Rates of change were modeled using trial and registry-based patient level data. A discrete event simulation projected outcomes for three identical patient groups: donepezil 10 mg, memantine 20 mg and no therapy. Patient mix, mortality and costs were developed using Germany-specific sources.

Results

Treatment of patients with mild to moderately severe AD with donepezil compared to no treatment was associated with 0.13 QALYs gained per patient, and 0.01 QALYs gained per caregiver and resulted in average savings of €7,007 and €9,893 per patient from the healthcare system and societal perspectives, respectively. In patients with moderate to moderately-severe AD, donepezil compared to memantine resulted in QALY gains averaging 0.01 per patient, and savings averaging €1,960 and €2,825 from the healthcare system and societal perspective, respectively.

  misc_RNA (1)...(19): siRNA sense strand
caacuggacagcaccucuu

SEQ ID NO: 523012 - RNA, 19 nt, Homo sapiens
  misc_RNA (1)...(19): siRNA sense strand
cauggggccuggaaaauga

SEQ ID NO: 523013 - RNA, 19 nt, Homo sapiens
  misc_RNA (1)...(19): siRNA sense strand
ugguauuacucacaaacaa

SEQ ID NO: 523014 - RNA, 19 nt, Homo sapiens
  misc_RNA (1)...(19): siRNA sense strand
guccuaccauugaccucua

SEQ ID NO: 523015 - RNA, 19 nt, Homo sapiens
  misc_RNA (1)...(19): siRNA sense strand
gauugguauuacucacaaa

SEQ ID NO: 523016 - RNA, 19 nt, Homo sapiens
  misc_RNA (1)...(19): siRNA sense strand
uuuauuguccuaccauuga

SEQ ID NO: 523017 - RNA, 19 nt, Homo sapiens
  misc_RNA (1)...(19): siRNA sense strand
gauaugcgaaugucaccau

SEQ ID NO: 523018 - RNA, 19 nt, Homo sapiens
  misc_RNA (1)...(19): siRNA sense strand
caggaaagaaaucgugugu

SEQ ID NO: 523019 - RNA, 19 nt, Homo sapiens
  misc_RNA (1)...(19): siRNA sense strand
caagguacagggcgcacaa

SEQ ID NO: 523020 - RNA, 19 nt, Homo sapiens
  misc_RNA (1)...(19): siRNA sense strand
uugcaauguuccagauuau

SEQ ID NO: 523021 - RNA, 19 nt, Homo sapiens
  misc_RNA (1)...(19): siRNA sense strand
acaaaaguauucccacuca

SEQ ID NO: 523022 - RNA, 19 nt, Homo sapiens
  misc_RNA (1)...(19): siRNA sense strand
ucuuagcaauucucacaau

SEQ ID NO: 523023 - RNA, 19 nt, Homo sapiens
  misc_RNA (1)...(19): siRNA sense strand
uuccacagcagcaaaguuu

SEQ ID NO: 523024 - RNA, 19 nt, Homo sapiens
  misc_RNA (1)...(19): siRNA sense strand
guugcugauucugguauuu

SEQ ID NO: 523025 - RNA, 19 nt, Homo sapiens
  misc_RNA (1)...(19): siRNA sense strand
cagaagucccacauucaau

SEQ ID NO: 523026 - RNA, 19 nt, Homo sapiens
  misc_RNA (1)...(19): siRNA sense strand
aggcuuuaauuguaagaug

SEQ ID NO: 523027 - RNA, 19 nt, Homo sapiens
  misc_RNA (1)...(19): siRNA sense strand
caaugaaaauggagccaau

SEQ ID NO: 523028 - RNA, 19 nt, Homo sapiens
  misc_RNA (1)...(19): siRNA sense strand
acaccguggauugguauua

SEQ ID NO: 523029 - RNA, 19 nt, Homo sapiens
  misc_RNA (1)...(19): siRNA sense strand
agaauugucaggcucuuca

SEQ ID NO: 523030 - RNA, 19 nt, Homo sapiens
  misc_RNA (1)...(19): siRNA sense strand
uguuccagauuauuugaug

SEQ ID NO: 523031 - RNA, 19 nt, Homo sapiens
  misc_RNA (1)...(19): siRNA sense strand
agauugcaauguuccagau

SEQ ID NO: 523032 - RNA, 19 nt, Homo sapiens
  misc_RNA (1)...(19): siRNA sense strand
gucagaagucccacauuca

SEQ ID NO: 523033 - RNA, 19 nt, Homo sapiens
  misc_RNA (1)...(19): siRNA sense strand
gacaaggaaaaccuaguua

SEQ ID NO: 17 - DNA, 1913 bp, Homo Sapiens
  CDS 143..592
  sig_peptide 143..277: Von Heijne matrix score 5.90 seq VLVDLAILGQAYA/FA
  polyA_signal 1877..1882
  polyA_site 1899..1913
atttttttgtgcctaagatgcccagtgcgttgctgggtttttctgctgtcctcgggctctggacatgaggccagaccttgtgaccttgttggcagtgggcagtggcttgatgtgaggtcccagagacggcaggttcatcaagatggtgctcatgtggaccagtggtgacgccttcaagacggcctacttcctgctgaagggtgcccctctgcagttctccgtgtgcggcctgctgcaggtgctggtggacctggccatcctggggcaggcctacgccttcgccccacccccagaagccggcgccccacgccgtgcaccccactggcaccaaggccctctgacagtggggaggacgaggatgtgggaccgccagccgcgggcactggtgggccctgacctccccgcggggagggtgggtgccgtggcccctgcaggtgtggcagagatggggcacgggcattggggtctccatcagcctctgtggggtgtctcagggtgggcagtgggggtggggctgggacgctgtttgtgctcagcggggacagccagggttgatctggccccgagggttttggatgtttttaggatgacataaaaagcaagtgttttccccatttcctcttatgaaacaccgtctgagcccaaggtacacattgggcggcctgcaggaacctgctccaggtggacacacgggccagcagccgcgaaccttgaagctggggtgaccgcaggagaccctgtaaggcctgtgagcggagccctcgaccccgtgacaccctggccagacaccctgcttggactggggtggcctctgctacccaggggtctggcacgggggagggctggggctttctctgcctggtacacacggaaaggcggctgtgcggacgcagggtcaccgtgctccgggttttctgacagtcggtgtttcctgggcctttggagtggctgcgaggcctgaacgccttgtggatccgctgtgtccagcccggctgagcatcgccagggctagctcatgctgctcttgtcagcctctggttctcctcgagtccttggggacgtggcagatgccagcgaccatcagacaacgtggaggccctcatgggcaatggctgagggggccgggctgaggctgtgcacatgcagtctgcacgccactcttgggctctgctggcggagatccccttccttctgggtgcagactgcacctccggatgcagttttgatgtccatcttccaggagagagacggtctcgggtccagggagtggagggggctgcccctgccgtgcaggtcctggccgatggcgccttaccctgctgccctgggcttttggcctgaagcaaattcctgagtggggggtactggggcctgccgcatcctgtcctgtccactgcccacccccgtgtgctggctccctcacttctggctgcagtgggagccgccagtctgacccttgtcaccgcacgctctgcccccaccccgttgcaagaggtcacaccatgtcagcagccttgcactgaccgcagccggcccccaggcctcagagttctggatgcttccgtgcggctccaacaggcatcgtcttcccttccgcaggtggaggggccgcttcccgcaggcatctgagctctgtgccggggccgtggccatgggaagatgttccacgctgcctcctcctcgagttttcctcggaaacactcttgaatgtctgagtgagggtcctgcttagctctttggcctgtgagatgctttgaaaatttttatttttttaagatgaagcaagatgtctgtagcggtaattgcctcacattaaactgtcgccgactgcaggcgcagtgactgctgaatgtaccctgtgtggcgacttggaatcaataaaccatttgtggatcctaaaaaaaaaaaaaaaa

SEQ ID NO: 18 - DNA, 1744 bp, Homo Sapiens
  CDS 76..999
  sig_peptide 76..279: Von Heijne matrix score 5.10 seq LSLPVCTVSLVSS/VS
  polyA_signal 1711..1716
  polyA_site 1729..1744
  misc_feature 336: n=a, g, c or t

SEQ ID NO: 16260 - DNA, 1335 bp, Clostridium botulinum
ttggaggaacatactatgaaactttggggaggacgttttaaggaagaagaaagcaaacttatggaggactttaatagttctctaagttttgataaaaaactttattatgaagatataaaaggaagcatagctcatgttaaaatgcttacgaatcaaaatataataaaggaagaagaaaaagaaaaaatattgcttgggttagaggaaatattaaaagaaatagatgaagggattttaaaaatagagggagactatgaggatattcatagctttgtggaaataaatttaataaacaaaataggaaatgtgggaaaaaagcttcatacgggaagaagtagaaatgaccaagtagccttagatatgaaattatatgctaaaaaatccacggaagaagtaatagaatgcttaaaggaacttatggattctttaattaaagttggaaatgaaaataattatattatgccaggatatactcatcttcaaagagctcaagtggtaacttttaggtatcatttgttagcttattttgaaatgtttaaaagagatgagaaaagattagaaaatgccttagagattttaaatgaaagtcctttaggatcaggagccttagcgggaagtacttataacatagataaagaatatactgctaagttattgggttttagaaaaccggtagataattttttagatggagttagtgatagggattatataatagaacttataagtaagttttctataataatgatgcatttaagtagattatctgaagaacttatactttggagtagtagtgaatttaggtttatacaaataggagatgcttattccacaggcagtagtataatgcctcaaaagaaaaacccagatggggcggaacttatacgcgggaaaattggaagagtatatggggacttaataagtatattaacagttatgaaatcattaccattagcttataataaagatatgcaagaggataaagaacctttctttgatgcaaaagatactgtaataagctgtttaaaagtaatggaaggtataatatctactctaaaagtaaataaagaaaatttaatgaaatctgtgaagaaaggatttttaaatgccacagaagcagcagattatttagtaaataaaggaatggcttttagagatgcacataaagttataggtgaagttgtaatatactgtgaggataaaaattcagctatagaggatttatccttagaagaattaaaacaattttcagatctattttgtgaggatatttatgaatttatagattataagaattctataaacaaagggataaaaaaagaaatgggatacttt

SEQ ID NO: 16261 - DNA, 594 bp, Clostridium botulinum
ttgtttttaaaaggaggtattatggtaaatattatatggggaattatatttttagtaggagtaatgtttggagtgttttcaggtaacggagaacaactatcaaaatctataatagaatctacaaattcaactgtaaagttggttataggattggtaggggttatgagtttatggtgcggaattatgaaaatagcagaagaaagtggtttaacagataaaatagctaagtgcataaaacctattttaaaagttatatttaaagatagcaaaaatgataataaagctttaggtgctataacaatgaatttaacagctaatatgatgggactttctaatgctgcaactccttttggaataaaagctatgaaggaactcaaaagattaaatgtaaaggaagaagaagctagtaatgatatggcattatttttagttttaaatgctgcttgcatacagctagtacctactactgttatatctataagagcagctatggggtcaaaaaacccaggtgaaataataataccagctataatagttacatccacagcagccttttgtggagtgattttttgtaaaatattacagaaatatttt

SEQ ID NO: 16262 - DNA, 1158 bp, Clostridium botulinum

In probabilistic sensitivity analyses, donepezil dominated no treatment in most replications and memantine in over 70% of the replications. Donepezil leads to savings in 95% of replications versus memantine.

Conclusions

Donepezil is highly cost-effective in patients with AD in Germany, leading to improvements in health outcomes and substantial savings compared to no treatment. This holds across a variety of sensitivity analyses.

Background

Alzheimer's disease (AD) is an incurable neurodegenerative disease characterized by cognitive decline, impairment of daily activities and neuropsychiatric symptoms. AD patients lose the ability to perform higher-level daily activities and decrease to being no longer able to perform basic daily necessities such as eating or grooming [1]. Mood swings, apathy, psychosis or agitation are behavioral symptoms commonly observed with AD patients. With increasing severity of the disease dealing with the patients' symptoms can become an increasing burden to caregivers.